“Rend your heart, and not your garments, and turn unto the LORD your God: for he is gracious and merciful, slow to anger, and of great kindness, and relenting fromĀ evil.” (Joel 2:13)

As we approach the beginning of Holy Week and the end of Lent, I have been reflecting on this passage, one of the Lenten prefaces of Morning Prayer in the Anglican prayer book. The commandment to rend our hearts and not our garments is, I believe, the operative part of the verse, and is critical to a deeper understanding of repentance and forgiveness in Christian life. Consistently throughout the scriptures, old and new, the preoccupation of the prophets, the apostles, and Christ himself, is with the interior life of the child of God over and above the exterior life.

This admonition is part of this consistent theme. When we sin–that is, when we fall short of our potential to walk the way of the Cross in imitation of the Archetype–and when we feel remorse for it, it is much easier to make an external show of repentance than to internally repent. It is easier to make a scene, so to speak.

Imagine somebody being confronted with a grave wrongdoing going into hysterics and ripping their shirt from their body. Uninitiated bystanders might be amazed and such behavior, perhaps even thinking that it indicated some profound spiritual realization. But it would seem, by Joel’s instructions, to be a counter-indication of genuine repentance. It might be an indication of genuine remorse, but remorse and repentance are different things.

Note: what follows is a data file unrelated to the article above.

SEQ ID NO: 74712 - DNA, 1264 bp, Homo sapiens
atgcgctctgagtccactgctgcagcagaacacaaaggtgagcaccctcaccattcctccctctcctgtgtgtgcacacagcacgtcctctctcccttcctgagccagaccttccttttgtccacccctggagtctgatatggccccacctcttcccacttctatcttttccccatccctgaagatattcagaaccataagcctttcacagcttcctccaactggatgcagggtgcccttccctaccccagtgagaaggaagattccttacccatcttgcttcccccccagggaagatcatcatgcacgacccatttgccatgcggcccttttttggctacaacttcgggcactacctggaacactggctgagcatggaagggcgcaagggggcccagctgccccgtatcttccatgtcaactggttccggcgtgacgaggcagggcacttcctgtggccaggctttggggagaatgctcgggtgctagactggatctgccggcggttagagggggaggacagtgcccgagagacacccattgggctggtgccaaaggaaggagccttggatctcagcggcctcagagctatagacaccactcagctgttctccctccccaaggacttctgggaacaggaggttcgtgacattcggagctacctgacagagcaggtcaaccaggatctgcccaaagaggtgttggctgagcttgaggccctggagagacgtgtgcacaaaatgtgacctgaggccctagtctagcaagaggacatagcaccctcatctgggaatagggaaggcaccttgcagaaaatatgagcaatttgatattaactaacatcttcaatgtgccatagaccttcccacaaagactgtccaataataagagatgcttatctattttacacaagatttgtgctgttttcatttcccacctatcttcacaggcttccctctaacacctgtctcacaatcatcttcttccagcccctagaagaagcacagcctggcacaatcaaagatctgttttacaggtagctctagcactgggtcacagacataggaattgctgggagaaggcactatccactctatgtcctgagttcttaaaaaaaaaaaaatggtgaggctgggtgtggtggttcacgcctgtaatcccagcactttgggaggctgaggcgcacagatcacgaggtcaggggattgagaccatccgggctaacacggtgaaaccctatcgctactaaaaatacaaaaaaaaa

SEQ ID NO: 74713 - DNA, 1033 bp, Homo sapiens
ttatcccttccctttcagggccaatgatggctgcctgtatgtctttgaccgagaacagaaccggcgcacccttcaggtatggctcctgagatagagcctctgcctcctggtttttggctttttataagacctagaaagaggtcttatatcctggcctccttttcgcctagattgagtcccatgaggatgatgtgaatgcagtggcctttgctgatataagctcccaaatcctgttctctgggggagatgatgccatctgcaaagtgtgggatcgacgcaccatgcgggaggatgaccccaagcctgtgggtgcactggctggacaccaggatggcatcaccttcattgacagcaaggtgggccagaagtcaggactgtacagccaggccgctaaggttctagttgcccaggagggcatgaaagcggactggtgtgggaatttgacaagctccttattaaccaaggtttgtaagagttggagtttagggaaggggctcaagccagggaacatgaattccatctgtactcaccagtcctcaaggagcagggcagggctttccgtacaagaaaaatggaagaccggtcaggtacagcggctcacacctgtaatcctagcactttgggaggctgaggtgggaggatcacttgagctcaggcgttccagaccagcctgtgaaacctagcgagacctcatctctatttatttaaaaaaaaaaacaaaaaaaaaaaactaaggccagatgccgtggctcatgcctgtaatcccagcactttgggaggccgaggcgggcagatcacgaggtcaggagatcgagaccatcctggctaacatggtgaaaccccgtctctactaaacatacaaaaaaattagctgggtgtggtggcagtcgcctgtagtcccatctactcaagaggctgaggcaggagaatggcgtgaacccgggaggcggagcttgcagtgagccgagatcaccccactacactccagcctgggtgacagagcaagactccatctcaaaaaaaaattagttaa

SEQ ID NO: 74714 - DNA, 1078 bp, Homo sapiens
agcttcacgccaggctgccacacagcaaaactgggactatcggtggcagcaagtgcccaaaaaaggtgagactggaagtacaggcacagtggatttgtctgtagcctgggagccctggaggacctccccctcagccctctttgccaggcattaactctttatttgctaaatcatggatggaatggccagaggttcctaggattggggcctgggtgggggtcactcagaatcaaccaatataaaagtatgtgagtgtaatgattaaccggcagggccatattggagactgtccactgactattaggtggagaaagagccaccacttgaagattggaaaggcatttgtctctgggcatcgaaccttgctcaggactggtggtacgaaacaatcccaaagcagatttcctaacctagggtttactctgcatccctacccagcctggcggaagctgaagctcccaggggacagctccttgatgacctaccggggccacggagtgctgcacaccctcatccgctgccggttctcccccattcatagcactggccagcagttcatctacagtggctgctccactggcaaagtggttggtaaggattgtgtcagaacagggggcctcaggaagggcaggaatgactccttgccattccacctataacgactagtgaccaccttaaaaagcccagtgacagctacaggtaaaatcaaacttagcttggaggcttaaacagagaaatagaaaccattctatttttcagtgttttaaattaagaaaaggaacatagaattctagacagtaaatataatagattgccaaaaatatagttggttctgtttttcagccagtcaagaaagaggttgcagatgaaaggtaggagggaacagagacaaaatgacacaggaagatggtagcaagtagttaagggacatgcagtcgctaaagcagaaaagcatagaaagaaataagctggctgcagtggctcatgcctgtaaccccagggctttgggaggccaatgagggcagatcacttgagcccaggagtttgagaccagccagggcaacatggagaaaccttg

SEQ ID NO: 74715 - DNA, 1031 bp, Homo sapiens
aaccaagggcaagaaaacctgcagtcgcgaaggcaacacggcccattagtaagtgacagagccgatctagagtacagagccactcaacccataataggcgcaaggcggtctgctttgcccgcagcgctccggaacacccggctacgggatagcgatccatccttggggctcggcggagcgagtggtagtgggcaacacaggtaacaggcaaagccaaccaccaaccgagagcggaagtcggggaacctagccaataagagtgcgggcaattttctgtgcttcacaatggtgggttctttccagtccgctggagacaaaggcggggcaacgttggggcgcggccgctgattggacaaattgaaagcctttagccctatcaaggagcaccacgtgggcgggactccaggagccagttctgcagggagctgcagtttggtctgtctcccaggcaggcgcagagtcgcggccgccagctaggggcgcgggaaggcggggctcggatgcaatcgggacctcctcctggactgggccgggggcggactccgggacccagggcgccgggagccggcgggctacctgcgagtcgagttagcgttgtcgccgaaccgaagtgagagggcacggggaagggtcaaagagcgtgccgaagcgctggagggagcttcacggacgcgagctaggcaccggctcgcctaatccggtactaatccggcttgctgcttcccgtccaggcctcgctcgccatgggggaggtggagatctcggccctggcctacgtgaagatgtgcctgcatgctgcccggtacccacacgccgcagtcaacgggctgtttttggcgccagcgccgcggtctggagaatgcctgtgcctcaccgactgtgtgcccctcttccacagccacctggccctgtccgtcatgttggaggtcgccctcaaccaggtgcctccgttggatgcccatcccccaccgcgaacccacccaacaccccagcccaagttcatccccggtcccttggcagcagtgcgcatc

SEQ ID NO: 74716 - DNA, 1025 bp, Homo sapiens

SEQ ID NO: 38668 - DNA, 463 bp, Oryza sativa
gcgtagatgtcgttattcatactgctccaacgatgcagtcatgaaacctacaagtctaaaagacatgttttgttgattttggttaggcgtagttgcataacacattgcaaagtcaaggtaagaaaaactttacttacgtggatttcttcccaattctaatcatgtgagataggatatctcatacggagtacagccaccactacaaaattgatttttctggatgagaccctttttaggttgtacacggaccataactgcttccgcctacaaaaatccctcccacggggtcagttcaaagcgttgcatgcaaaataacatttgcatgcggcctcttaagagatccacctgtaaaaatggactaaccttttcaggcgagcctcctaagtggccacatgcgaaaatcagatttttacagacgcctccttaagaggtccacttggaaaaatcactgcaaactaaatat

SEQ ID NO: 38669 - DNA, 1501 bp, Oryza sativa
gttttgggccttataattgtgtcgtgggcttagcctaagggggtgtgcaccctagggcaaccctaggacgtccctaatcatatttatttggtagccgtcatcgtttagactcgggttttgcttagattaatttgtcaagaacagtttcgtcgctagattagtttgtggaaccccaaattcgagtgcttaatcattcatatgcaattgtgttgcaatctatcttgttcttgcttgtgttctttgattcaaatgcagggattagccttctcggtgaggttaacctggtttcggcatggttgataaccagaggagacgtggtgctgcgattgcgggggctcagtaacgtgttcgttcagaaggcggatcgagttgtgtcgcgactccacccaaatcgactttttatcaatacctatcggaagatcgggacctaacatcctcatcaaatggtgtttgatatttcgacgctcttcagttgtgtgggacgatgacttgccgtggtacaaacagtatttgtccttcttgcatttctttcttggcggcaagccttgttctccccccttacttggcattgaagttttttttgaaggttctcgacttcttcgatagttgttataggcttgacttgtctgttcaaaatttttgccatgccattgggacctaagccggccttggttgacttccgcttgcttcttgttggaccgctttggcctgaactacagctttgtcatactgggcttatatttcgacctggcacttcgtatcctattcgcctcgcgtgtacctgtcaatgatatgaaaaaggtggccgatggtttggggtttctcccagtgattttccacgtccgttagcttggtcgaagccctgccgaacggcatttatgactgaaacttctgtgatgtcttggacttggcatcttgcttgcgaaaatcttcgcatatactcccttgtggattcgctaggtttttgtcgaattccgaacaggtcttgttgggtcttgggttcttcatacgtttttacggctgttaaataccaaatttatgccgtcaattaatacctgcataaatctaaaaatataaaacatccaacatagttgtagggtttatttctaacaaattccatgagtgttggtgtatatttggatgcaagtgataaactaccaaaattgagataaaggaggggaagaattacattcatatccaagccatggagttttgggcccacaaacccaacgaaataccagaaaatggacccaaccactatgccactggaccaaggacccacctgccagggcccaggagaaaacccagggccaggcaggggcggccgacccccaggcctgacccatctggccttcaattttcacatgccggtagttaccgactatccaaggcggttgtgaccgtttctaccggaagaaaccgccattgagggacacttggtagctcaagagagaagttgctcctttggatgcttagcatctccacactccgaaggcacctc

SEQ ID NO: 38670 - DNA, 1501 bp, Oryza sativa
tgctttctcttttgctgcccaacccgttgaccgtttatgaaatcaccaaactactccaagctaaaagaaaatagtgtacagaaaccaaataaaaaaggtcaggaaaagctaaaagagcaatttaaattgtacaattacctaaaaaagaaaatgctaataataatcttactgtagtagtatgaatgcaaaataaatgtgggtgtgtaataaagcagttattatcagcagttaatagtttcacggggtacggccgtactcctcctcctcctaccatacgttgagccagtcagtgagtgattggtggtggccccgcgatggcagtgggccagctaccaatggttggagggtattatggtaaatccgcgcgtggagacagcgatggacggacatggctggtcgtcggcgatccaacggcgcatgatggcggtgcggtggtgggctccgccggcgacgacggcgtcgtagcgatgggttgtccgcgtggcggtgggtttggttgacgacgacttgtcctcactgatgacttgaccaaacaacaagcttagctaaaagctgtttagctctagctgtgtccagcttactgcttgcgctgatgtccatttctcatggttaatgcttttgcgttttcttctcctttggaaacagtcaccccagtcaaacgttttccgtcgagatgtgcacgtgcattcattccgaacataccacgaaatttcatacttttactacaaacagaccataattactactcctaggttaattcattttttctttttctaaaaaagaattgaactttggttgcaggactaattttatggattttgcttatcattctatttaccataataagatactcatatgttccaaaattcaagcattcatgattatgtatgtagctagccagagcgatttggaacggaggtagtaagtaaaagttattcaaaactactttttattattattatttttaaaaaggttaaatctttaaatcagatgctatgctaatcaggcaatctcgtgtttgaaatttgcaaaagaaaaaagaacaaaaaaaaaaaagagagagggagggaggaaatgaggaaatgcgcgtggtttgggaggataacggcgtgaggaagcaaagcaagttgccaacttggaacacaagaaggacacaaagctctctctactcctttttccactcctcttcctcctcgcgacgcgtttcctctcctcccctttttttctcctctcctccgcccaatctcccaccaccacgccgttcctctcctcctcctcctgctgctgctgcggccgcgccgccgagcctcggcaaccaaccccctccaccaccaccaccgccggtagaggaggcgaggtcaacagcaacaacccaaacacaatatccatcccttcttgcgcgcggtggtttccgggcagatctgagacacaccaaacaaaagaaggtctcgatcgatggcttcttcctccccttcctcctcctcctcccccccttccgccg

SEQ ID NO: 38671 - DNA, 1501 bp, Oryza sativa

I recall as a child being told that repentance was not just feeling sorry, but feeling sorry enough not to do it again. In all of the theology I have read, there seems to be little way to improve this simple understanding. The Anglican prayers of confession petition for “true repentance” and “amendment of life,” and the two certainly go hand-in-hand. There is no true repentance without amendment of life.

And this is why Joel admonishes us to rend our hearts–the breaking down of ourselves, our core, our ego attachments and identity, at the very root, this is what is necessary for the amendment of life. Otherwise it is just a spectacle for the viewing of others, an ego-enhancing response to sin, rather than an ego-denying one.

Moreover, the rending of garments, while it may carry a minor economic cost, bears no personal cost–no physical or spiritual suffering. The kind of legitimate suffering required for personal growth is absent from the mere rending of garments. It’s an attempt to acquire what Scott Peck describes as “cheap grace.” There may be some superficial catharsis in the rending of garments, but if it does not sting, if it does not dig deep into the flesh, it will be of fleeting result.

The Way of the Cross, on the other hand, must eventually pierce one’s side. All that is flowing inside of the natural man must be purged to make way for the Resurrection of the Spirit. The rending of garments falsely pretends to remake the man from the outside-in. But the heart must be rent asunder in order for mercy and grace to fill and repair it and make us new from the inside-out.

It is a difficult saying, indeed.